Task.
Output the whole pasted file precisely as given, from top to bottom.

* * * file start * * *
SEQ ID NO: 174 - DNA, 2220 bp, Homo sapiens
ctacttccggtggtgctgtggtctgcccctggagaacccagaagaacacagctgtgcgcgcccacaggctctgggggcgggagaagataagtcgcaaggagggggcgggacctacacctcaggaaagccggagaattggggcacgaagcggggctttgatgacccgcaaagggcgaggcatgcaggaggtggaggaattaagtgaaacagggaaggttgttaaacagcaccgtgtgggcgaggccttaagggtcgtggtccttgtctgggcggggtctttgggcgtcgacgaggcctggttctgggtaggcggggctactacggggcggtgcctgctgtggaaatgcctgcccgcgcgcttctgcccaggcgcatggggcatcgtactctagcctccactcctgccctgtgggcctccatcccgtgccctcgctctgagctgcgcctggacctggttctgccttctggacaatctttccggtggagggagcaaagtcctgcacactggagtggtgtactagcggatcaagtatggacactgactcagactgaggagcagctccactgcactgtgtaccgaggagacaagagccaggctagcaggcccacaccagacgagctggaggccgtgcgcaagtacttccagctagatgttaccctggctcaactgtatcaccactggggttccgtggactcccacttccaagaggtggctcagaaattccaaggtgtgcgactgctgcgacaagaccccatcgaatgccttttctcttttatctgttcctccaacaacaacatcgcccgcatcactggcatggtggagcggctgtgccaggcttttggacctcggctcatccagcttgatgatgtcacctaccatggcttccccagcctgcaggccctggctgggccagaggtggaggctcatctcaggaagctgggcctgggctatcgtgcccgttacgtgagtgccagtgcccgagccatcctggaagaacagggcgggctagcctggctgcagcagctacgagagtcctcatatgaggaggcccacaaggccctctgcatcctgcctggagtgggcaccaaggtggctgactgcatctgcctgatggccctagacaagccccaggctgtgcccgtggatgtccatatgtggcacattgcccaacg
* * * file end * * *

SEQ ID NO: 174 - DNA, 2220 bp, Homo sapiens
ctacttccggtggtgctgtggtctgcccctggagaacccagaagaacacagctgtgcgcgcccacaggctctgggggcgggagaagataagtcgcaaggagggggcgggacctacacctcaggaaagccggagaattggggcacgaagcggggctttgatgacccgcaaagggcgaggcatgcaggaggtggaggaattaagtgaaacagggaaggttgttaaacagcaccgtgtgggcgaggccttaagggtcgtggtccttgtctgggcggggtctttgggcgtcgacgaggcctggttctgggtaggcggggctactacggggcggtgcctgctgtggaaatgcctgcccgcgcgcttctgcccaggcgcatggggcatcgtactctagcctccactcctgccctgtgggcctccatcccgtgccctcgctctgagctgcgcctggacctggttctgccttctggacaatctttccggtggagggagcaaagtcctgcacactggagtggtgtactagcggatcaagtatggacactgactcagactgaggagcagctccactgcactgtgtaccgaggagacaagagccaggctagcaggcccacaccagacgagctggaggccgtgcgcaagtacttccagctagatgttaccctggctcaactgtatcaccactggggttccgtggactcccacttccaagaggtggctcagaaattccaaggtgtgcgactgctgcgacaagaccccatcgaatgccttttctcttttatctgttcctccaacaacaacatcgcccgcatcactggcatggtggagcggctgtgccaggcttttggacctcggctcatccagcttgatgatgtcacctaccatggcttccccagcctgcaggccctggctgggccagaggtggaggctcatctcaggaagctgggcctgggctatcgtgcccgttacgtgagtgccagtgcccgagccatcctggaagaacagggcgggctagcctggctgcagcagctacgagagtcctcatatgaggaggcccacaaggccctctgcatcctgcctggagtgggcaccaaggtggctgactgcatctgcctgatggccctagacaagccccaggctgtgcccgtggatgtccatatgtggcacattgcccaacg